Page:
WEST VALLEY CITY -- Matthew Reed Smith loved to camp, fish, hunt and shoot guns. When he was a little boy he would dress in military camouflage and build guns out of Legos, his father Gary remembers. To his family, it was quite clear at an early age that Matthew was born to be a Marine. "He always wanted to do this," Gary Smith said of his son. "He loved people and he wanted to serve people."
    On Jan. 26, Cpl. Matthew Smith died a Marine when a helicopter carrying him and 30 others crashed in western Iraq. Family and friends mourned the 24-year-old's death at his funeral in West Valley City on Saturday and his burial at the Salt Lake City Cemetery.
    "We need not worry about Matt," LDS Bishop Brent Taylor said during the service at the Jordan Stake Center. "We miss him, we love him, but his memory will be with us."
    Smith joined the Marines in 2001 after graduating from Kearns High School. He served in Japan, Taiwan, Korea and Kuwait before being sent to Iraq, where he was training Iraqis to provide security for last week's elections.
    Smith's funeral was attended by Utah Gov. Jon Huntsman Jr. and Brian Johnston, a Lehi Marine and friend of Smith who lost an arm and a leg when a Humvee he was riding in took mortar fire in Fallujah last year.
    Mourners patted each other on the back and dabbed their eyes when Spencer Smith praised his younger brother's life and military service.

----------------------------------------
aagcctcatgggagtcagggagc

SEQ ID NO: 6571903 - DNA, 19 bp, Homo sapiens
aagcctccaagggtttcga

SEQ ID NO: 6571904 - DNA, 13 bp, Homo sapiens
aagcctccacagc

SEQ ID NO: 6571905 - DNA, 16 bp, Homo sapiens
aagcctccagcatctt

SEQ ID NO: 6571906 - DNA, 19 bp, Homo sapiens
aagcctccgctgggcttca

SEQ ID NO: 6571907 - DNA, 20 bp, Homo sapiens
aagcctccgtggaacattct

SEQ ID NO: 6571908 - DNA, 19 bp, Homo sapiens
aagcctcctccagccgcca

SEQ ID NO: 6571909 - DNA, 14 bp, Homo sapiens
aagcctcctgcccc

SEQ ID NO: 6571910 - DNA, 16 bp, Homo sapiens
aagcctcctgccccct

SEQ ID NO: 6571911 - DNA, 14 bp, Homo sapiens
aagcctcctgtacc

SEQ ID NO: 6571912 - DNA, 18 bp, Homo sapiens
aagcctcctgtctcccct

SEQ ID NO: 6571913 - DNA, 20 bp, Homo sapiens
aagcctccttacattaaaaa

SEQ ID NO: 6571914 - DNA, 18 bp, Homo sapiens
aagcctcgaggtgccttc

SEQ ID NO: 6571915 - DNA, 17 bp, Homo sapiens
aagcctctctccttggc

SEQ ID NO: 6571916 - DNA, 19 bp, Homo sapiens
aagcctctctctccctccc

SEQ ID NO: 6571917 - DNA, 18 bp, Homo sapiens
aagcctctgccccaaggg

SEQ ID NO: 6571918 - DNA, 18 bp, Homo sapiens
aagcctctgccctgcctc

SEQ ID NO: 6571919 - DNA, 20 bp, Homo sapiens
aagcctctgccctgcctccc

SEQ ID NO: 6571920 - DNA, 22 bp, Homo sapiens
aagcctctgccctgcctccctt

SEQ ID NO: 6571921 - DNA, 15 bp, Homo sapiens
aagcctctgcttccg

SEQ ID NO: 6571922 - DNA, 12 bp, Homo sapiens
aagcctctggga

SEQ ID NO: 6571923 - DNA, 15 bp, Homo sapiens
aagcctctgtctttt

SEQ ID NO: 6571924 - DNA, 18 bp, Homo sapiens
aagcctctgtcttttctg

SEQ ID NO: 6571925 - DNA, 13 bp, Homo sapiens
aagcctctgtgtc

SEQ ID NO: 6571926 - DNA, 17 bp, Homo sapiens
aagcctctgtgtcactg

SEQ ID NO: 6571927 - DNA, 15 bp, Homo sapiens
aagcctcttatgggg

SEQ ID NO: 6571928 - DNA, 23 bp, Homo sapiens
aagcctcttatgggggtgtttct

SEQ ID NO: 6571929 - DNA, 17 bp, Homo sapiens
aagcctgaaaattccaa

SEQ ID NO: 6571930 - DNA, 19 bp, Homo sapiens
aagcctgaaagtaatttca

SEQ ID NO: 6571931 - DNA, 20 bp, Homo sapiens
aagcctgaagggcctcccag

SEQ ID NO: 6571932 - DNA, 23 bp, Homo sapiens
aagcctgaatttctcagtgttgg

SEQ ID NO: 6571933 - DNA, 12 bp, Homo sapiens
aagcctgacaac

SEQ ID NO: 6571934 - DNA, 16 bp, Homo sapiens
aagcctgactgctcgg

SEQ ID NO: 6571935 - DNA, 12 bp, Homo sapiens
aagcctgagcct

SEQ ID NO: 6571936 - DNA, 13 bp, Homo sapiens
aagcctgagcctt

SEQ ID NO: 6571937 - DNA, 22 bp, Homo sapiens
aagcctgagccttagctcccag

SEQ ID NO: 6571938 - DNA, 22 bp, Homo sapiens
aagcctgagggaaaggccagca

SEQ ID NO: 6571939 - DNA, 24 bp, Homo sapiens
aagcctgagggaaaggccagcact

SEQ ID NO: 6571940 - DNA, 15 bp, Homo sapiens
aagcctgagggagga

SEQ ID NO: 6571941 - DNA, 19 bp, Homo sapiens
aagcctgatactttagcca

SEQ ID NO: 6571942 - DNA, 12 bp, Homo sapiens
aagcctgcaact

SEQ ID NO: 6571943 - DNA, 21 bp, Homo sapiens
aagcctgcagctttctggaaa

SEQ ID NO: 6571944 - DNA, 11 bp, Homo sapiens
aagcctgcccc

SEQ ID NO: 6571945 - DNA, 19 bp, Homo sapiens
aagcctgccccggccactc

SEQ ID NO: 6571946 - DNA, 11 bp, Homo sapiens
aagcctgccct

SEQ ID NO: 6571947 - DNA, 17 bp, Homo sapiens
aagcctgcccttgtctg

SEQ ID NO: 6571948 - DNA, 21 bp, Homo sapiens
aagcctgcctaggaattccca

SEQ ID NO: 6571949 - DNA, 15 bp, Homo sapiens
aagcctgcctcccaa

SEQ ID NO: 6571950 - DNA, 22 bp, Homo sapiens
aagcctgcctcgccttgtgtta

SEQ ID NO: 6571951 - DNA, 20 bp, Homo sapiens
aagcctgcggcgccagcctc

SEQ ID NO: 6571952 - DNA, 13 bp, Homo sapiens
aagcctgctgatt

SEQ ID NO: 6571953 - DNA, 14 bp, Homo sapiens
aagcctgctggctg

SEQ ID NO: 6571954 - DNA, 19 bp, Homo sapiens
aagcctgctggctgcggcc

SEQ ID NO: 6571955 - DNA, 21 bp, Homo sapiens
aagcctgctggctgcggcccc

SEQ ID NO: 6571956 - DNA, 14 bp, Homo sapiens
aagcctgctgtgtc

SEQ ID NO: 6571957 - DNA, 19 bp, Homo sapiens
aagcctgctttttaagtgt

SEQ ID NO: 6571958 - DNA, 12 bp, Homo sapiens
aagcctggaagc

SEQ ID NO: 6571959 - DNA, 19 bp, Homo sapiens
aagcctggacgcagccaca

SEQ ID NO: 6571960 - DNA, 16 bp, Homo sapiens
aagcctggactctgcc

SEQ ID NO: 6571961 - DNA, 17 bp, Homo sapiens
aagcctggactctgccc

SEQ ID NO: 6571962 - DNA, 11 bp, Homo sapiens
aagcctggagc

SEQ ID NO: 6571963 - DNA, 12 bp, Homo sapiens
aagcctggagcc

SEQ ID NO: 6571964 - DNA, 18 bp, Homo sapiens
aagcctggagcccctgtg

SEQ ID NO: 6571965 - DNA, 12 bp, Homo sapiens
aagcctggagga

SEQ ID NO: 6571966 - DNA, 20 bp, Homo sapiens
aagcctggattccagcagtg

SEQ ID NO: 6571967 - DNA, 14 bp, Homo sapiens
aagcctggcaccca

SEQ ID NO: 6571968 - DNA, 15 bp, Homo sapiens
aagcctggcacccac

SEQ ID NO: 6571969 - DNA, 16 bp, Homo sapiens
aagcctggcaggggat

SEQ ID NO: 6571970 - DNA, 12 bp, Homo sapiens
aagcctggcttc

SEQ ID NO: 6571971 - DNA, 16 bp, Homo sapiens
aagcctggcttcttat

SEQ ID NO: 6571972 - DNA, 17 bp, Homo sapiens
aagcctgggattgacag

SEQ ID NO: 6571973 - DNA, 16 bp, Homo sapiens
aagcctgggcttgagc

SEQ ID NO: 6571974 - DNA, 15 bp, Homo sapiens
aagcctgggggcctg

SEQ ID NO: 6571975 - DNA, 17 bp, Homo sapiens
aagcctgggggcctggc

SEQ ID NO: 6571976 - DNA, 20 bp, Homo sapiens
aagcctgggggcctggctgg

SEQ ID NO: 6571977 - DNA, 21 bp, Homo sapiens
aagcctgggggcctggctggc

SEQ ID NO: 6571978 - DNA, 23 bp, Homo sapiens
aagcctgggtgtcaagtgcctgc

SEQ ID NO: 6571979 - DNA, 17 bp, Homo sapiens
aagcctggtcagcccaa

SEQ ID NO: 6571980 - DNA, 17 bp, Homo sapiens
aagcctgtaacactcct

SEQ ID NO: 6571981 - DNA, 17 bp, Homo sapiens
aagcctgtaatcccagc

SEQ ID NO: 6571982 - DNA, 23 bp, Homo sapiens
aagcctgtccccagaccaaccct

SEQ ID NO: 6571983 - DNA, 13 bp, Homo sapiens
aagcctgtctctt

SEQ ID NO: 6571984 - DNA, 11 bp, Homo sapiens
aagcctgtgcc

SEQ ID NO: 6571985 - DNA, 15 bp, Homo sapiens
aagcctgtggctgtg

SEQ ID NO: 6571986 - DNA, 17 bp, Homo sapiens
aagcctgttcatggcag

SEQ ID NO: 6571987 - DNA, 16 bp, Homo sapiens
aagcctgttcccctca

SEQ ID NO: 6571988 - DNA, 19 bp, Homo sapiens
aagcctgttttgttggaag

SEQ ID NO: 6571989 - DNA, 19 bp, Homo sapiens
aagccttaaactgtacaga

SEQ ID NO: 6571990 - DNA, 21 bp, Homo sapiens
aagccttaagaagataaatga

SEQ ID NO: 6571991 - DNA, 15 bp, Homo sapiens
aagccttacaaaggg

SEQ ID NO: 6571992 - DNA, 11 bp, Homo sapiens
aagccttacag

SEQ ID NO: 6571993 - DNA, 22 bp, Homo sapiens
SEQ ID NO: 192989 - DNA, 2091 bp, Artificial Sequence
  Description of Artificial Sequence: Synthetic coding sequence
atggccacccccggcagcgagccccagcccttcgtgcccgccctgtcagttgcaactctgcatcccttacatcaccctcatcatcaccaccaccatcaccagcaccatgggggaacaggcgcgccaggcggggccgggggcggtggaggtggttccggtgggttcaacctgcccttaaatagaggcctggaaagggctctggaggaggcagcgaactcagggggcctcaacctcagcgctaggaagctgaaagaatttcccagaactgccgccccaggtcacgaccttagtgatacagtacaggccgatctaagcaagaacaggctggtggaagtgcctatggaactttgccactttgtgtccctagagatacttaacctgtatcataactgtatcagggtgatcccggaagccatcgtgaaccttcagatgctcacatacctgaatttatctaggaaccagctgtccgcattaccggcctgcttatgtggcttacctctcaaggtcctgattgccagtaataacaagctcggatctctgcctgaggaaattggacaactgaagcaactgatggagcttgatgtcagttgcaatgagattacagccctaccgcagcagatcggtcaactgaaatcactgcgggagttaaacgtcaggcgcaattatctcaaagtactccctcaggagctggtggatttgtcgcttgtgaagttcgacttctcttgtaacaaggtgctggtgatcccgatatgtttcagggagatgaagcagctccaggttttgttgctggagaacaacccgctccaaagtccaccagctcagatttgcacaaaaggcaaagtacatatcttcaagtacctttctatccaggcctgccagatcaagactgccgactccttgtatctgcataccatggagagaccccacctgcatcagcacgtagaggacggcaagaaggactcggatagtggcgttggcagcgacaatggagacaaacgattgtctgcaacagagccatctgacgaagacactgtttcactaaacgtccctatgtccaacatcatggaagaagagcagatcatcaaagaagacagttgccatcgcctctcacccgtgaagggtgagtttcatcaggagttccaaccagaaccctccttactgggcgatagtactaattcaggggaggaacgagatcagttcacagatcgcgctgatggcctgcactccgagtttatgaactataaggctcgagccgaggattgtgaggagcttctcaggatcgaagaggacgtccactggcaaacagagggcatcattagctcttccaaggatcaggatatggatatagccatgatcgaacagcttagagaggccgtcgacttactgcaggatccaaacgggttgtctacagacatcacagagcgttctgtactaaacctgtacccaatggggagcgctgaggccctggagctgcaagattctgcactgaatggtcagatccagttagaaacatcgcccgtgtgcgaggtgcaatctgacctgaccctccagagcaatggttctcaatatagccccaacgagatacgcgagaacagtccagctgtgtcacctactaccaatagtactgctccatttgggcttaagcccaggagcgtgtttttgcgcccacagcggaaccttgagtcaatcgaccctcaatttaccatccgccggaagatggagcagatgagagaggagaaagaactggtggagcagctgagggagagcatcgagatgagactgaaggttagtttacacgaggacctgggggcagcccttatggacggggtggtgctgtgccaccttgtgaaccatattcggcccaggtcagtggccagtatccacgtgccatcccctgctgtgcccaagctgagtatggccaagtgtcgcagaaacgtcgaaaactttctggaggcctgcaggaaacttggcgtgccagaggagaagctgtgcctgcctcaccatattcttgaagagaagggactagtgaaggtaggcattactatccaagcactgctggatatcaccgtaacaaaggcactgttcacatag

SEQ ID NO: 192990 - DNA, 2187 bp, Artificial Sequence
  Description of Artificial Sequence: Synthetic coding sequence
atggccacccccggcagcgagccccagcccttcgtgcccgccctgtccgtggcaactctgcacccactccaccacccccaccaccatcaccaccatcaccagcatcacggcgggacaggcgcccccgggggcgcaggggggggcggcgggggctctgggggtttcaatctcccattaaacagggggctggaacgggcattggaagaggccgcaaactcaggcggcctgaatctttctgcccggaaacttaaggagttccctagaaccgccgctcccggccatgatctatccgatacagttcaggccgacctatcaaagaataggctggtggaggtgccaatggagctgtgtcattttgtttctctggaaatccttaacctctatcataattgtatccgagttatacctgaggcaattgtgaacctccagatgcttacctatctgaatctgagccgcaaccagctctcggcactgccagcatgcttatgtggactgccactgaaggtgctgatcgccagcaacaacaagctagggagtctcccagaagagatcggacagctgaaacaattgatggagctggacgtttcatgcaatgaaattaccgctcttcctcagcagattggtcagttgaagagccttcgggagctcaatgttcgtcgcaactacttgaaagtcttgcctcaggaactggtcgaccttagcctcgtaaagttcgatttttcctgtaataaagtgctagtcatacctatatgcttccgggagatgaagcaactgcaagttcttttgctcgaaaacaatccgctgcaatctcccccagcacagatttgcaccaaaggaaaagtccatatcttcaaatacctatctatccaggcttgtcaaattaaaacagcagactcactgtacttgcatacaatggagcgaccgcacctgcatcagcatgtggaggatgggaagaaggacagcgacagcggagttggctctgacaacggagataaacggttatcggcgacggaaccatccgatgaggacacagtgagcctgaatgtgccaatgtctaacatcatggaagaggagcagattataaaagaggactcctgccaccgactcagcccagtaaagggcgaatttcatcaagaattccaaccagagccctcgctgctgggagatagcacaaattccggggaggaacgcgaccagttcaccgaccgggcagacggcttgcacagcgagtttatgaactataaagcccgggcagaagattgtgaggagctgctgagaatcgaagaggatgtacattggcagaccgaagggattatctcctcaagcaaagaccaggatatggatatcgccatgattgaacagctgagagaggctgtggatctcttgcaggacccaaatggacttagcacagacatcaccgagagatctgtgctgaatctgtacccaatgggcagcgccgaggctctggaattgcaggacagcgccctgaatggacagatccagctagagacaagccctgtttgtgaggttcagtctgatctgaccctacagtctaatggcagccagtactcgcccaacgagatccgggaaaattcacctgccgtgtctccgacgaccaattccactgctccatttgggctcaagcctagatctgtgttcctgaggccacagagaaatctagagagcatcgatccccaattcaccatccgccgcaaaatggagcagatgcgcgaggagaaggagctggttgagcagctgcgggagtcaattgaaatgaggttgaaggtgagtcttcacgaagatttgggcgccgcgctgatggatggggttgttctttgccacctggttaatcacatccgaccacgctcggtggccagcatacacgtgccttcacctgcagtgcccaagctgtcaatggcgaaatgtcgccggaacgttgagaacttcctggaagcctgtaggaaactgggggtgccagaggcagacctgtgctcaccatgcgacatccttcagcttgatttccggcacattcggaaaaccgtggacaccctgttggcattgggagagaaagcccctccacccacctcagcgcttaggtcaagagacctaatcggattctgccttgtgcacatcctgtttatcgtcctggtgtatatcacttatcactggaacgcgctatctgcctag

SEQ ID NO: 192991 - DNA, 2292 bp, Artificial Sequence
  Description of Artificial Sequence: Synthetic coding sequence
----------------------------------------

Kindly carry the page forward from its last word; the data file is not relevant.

"Matt, words can't explain how I feel," he said before tearing up himself.
    Spencer Smith also made the mourners laugh when he described how Matthew used to try and look tough when he was little by flexing his muscles in the mirror.
    Matthew's friend Dallas Critchlow recalled how Matthew loved riding dirt bikes and driving around in his white Dodge 4x4 with tires rivaling those of most monster trucks.
    "Matt always wanted to be noticed everywhere he went," Critchlow said. "That's why his truck always had to be the biggest."
    Cory Smith, Matthew's younger brother, said he missed hearing his brother's voice and guaranteed that he and his siblings, affectionately known by family members as the Three Musketeers, would be together again one day.
    Before the church service ended, Spencer's wife, Kristy Smith, read a letter written by Matthew's mother, Colleen Parkin. The letter, among other things, told of Matthew's "special hugs" as a young boy, cherished his memory and celebrated his life.
    "Please brush up against my side sometimes and let me feel your sweet spirit," Parkin wrote.
    Matthew Smith's stepfather, Stan Parkin, cupped his mouth and cried as the casket bearing his stepson was rolled out of the church and placed in the back of a hearse.
    At the grave site, eight Marines carried Smith's casket from the hearse to its resting place. One woman stood with her hand over her heart as it passed.
    After a 21-gun salute, a bugler played "Taps." Matthew's father and older brother broke into tears as Cory Smith rested his head on his mother's shoulder.
    Gary Smith and Parkin were both given American flags, concluding the military ceremony. Parkin kissed the flag, pressed it to her cheek and then hugged it until the service ended.
    "It's hard," Parkin said of her son's death. "We're just very proud Matt's home with us now."